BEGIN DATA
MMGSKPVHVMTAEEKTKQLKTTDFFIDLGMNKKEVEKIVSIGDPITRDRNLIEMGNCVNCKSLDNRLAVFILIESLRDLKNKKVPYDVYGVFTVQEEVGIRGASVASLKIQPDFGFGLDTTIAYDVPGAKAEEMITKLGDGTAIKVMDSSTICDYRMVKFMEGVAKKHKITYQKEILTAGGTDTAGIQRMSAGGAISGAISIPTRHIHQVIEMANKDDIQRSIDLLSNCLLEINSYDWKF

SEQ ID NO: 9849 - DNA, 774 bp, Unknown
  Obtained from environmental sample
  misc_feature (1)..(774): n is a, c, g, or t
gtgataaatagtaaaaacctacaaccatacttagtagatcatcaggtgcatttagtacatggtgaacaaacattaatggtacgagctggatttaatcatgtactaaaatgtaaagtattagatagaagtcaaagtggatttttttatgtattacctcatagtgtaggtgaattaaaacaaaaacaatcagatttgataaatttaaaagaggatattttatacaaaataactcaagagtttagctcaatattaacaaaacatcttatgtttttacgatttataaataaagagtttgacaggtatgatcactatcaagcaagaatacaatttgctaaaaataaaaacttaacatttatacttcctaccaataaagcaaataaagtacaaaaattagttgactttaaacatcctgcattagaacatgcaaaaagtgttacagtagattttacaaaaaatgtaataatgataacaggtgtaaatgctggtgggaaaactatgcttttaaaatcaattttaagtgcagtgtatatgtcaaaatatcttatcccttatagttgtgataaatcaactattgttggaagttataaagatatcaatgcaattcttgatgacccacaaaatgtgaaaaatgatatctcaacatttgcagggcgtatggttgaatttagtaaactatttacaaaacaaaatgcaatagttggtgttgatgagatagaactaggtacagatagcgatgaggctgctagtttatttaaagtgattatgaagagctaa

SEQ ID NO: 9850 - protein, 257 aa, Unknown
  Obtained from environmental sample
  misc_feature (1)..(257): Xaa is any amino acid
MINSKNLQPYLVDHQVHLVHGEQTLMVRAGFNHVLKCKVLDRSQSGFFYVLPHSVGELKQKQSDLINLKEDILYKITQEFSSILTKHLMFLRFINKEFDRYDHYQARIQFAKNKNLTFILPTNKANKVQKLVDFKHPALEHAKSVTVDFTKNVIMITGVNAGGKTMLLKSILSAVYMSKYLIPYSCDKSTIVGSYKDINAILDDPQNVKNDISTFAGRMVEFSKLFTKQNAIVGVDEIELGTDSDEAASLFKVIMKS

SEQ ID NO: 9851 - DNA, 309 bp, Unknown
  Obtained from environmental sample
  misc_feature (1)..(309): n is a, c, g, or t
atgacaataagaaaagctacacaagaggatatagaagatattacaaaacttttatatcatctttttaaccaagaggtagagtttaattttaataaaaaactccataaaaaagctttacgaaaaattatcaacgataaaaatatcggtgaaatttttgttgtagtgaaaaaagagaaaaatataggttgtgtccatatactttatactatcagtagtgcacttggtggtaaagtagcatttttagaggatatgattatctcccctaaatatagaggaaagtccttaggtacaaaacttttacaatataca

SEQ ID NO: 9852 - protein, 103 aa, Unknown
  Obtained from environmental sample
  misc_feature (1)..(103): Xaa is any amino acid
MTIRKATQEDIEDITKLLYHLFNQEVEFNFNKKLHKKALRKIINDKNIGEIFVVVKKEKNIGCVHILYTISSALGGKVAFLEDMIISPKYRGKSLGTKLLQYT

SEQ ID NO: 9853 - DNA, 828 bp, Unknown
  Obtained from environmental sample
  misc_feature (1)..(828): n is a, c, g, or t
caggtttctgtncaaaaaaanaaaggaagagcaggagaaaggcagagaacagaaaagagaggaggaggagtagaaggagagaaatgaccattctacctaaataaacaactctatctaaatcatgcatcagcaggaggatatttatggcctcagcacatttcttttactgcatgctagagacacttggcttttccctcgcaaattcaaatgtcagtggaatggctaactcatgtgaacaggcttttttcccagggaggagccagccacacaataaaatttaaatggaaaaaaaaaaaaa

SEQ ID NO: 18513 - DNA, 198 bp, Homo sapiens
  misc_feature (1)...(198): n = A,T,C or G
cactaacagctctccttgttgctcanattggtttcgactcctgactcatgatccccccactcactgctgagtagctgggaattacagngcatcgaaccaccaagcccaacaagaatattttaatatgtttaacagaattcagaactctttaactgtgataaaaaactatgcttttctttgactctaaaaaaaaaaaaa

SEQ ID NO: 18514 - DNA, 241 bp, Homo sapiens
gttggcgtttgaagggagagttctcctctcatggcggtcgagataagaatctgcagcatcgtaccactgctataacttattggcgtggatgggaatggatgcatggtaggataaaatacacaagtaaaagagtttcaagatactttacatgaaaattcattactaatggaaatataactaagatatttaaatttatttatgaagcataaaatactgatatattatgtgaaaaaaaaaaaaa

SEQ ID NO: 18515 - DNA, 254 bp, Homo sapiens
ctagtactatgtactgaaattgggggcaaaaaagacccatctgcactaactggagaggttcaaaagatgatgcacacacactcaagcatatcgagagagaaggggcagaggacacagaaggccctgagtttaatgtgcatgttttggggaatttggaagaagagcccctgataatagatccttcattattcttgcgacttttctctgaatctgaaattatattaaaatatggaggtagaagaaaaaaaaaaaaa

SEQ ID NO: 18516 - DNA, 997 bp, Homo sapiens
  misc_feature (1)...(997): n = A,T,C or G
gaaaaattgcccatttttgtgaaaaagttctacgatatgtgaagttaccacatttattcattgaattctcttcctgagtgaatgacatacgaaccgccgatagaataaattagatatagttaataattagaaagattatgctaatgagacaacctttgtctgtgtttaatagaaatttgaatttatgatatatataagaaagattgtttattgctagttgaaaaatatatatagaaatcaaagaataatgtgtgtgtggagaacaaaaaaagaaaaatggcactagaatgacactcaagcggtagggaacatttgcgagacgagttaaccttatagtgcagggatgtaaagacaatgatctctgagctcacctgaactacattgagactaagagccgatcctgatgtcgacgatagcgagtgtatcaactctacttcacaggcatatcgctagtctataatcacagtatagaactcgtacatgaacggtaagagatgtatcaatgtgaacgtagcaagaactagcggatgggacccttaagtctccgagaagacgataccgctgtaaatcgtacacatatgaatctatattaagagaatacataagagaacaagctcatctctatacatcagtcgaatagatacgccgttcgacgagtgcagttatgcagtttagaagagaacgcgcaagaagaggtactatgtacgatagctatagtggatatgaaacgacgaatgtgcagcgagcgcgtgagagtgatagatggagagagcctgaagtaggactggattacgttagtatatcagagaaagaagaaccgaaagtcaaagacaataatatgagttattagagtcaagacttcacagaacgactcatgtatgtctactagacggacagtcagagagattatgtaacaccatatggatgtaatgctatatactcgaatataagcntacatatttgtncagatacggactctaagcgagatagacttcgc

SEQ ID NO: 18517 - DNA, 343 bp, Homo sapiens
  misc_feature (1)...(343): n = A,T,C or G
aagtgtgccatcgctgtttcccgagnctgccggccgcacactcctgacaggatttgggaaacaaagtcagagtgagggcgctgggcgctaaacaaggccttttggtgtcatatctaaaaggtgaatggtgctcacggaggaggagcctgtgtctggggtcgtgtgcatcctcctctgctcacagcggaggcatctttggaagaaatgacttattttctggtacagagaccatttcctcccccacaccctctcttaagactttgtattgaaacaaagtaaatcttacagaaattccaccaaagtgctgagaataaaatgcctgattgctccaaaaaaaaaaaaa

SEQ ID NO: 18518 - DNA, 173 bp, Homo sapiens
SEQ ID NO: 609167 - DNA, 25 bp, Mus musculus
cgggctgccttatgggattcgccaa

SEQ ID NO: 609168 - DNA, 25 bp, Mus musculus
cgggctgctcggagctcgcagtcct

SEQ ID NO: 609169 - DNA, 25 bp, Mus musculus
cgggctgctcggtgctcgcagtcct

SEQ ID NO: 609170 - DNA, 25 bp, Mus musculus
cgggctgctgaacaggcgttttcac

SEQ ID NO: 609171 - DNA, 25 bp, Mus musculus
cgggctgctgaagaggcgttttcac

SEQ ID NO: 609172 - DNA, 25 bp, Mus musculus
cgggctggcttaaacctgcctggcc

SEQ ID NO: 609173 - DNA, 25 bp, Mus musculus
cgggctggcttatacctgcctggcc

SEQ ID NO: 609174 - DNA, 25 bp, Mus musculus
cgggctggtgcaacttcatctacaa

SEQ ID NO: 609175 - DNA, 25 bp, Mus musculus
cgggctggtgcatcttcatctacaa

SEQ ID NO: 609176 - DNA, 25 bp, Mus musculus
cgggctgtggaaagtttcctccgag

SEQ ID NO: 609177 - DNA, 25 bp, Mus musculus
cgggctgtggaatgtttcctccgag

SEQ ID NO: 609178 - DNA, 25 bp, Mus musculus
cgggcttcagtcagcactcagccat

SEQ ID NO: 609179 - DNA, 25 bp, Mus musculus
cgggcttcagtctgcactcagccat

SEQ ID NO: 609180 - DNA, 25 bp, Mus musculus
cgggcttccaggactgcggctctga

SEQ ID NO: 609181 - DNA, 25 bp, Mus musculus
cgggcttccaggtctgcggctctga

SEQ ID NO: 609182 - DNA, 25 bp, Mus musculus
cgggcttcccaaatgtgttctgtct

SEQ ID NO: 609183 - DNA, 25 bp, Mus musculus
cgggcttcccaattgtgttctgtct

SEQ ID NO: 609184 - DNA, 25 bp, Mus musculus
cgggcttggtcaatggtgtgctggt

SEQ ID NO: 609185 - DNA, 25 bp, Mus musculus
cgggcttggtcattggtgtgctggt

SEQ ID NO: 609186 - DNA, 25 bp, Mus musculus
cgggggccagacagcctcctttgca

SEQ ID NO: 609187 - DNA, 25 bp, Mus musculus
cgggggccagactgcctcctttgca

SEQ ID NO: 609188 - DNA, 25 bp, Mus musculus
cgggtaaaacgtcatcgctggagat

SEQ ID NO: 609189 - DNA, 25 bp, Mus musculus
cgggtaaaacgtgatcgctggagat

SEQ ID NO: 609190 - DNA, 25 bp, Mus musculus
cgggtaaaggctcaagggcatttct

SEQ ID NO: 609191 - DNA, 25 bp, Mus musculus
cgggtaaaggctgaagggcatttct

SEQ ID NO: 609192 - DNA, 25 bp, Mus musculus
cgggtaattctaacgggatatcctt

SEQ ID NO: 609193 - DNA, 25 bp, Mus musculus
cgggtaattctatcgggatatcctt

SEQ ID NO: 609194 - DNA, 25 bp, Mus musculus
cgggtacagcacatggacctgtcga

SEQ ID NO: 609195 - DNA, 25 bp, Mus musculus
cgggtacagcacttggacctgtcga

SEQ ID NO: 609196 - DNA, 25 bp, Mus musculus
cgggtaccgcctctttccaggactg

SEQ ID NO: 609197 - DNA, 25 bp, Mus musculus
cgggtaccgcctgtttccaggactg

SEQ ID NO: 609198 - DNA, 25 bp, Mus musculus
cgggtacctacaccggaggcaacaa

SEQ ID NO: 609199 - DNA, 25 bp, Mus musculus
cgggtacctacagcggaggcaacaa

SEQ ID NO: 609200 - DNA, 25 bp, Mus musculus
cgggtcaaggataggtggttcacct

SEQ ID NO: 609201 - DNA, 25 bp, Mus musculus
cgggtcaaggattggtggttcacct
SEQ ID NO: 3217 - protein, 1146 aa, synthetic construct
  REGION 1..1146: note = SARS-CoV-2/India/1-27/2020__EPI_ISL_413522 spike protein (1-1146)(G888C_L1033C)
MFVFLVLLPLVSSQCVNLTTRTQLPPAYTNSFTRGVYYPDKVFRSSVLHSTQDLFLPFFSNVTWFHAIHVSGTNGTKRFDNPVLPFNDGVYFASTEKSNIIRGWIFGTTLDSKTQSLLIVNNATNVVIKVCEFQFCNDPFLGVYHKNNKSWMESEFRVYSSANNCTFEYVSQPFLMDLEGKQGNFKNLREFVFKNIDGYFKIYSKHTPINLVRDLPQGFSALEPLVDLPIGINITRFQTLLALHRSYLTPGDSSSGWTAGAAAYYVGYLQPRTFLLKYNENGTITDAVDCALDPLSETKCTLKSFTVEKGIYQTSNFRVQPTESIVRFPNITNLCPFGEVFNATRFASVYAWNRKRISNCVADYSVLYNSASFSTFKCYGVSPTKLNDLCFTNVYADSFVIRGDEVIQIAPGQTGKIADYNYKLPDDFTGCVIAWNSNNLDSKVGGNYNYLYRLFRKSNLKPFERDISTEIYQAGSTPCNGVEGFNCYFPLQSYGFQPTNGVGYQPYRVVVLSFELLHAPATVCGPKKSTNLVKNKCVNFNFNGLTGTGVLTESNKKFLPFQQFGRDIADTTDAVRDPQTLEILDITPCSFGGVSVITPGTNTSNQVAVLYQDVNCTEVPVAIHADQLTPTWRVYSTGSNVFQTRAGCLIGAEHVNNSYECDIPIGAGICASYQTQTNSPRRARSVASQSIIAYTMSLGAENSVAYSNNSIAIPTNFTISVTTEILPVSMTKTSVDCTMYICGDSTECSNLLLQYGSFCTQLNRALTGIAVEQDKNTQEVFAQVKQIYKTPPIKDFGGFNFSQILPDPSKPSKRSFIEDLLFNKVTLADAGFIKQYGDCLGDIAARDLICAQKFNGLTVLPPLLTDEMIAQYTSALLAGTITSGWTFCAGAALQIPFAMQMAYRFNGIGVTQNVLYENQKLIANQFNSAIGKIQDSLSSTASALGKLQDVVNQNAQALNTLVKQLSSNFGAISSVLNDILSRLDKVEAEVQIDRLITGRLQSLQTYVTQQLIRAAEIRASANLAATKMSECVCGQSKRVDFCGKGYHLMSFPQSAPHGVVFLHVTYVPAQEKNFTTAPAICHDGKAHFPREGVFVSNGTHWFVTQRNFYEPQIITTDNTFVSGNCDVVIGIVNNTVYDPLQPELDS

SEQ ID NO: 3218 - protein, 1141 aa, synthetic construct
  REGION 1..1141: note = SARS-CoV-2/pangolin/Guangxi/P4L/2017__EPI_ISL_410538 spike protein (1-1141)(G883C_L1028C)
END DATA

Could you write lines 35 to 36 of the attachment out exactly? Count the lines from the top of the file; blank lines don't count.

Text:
SEQ ID NO: 18518 - DNA, 173 bp, Homo sapiens
SEQ ID NO: 609167 - DNA, 25 bp, Mus musculus